Finally, the district court attached importance to the fact that the car was parked in a shopping center parking lot--rather than on a public street--at the time that it was seized. For the reasons discussed below, this fact is not determinative of the legality of the seizure and subsequent search here.


In Carney, the Supreme Court upheld the warrantless search of a motor home parked in a downtown San Diego parking "lot". Id. at 388, 105 S.Ct. at 2067. Drug Enforcement Agency (DEA) agents had information that Carney and other persons were engaging in sex in the motor home and paying their partners with marihuana. They searched the motor home without a warrant or consent and discovered a quantity of marihuana and drug paraphernalia. The California Supreme Court suppressed the drugs and reversed Carney's conviction for possession of marihuana. The Supreme Court granted certiorari and reversed because it concluded that the automobile exception to the warrant requirement applied. Id. at 392-93, 105 S.Ct. at 2070.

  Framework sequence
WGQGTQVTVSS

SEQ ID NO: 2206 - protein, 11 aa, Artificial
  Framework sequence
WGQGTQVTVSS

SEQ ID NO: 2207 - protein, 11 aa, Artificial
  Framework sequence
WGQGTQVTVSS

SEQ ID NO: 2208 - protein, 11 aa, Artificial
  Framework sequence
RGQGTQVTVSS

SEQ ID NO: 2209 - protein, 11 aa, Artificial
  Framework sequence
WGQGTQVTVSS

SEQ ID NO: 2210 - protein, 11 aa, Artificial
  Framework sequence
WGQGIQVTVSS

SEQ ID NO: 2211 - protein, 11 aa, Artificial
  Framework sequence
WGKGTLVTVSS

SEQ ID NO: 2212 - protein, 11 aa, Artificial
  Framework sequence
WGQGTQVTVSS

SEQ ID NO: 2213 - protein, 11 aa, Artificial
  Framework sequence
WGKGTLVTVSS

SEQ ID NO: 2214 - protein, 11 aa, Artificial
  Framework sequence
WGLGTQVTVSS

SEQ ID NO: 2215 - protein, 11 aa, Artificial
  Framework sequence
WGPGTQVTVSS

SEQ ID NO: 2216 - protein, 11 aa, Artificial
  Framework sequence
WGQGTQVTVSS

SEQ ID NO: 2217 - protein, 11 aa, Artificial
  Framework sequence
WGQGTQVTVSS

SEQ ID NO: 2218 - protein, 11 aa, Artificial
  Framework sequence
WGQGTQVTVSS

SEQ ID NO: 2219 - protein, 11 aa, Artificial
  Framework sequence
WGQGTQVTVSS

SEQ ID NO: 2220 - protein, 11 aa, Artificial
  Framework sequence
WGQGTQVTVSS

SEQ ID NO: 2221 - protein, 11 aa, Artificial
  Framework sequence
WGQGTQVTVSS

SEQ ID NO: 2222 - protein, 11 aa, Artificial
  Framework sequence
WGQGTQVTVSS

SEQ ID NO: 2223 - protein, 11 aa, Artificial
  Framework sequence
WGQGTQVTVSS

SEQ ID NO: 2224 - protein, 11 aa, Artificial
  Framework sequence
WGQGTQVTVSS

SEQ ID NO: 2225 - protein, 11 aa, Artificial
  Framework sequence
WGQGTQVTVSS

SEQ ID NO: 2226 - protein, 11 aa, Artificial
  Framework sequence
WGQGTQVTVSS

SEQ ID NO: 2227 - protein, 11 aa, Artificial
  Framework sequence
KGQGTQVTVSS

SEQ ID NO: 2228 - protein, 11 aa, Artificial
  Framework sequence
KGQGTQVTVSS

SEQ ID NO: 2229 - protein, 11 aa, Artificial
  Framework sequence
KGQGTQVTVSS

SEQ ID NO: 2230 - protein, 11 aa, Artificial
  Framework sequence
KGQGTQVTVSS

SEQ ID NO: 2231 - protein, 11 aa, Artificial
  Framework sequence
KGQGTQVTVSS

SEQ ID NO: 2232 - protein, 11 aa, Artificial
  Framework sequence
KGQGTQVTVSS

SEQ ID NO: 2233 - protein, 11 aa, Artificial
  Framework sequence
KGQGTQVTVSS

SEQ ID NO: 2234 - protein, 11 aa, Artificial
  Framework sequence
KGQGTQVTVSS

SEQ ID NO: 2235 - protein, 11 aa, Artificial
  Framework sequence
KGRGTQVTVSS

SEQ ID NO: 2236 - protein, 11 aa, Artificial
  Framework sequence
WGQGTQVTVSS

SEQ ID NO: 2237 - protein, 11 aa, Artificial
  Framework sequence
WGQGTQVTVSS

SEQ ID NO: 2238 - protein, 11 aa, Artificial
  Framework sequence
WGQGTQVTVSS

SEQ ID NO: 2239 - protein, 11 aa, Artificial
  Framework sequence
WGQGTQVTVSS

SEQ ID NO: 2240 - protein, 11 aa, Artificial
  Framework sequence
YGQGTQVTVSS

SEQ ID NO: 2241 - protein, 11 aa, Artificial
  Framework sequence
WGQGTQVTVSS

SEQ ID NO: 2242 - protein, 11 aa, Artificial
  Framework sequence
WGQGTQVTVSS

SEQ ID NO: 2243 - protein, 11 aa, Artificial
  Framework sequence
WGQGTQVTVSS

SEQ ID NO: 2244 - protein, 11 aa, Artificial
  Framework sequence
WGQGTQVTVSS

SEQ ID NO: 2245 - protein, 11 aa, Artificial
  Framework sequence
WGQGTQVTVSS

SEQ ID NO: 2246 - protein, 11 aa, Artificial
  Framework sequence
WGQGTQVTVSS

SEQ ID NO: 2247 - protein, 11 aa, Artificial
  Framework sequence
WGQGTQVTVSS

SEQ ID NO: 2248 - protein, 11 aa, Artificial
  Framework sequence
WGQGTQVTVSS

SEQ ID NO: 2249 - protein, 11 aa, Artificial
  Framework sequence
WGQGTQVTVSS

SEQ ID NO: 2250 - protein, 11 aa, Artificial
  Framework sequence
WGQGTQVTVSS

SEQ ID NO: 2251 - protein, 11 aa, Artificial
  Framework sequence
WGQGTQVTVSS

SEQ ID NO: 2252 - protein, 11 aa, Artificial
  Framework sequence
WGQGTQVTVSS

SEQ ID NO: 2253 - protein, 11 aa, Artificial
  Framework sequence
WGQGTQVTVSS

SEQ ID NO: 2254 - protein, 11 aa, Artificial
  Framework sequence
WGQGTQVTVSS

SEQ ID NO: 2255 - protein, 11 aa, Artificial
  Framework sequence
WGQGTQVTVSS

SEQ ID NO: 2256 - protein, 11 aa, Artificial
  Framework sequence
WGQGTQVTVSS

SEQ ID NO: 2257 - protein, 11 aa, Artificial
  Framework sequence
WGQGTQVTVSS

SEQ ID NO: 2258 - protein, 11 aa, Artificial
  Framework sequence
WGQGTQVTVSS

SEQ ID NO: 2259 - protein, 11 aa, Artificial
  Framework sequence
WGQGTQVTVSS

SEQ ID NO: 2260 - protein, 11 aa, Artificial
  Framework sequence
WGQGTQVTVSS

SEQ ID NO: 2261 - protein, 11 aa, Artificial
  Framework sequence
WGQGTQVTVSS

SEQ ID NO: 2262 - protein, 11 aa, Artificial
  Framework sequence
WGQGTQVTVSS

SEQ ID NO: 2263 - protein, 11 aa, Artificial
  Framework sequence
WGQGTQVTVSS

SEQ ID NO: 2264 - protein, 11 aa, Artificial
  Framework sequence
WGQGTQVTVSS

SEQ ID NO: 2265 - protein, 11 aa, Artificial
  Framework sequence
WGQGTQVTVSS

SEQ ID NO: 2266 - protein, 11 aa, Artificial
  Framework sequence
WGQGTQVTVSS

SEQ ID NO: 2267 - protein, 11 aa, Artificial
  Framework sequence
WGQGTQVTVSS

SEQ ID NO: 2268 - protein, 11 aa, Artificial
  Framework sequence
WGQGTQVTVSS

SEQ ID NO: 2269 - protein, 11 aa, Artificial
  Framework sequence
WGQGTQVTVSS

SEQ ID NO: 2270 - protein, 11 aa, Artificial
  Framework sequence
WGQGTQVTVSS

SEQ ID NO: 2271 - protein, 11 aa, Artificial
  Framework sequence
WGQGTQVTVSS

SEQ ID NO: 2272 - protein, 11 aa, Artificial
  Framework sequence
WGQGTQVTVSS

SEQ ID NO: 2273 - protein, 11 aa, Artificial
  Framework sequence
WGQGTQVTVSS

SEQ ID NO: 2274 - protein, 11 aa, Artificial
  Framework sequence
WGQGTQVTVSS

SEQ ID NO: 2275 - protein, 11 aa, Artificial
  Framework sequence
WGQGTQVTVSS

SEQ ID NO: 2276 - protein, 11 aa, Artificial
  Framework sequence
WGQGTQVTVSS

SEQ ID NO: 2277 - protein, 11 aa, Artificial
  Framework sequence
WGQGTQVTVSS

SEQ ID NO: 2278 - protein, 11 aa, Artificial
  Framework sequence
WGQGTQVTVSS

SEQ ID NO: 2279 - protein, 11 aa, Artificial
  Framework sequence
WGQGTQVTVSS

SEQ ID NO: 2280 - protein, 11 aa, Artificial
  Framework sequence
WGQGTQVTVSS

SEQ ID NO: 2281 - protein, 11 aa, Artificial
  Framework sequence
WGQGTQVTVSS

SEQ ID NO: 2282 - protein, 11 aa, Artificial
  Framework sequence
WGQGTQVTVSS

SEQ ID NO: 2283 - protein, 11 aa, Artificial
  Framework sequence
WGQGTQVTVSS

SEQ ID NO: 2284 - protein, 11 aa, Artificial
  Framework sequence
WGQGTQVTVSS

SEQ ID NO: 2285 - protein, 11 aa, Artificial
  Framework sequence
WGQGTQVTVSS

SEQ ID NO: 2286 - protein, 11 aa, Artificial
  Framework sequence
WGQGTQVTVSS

This court has concluded that, under Carney, "probable cause alone suffices to justify a warrantless search of a vehicle lawfully parked in a public place, as long as the scope of the search is reasonable." United States v. Cooper, 949 F.2d 737, 747 (5th Cir.1991) (quotation omitted; emphasis in original), cert. denied, 504 U.S. 975, 112 S.Ct. 2945, 119 L.Ed.2d 569 (1992). Sinisterra argues that Coolidge v. New Hampshire, 403 U.S. 443, 461-62, 91 S.Ct. 2022, 2035-36, 29 L.Ed.2d 564 (1971), and United States v. Reed, 26 F.3d 523, 530 (5th Cir.1994), cert. denied, --- U.S. ----, 115 S.Ct. 1116, 130 L.Ed.2d 1080 (1995), dictate that exigent circumstances were required to justify a warrantless search of the van.4 Coolidge and Reed are distinguishable because both cases involved vehicles parked in the driveways of the residences of the defendants (who were in custody). See Coolidge, 403 U.S. at 447, 91 S.Ct. at 2028; Reed, 26 F.3d at 525. Carney controls this case because of the similarity of the factual situations. Here, the mall parking lot was not related to anyone's residence, it was open to the public and available for public use, and Sinisterra had no more right in it than any member of the public. That the lot was owned by the mall--and not by the city--is irrelevant in these circumstances.5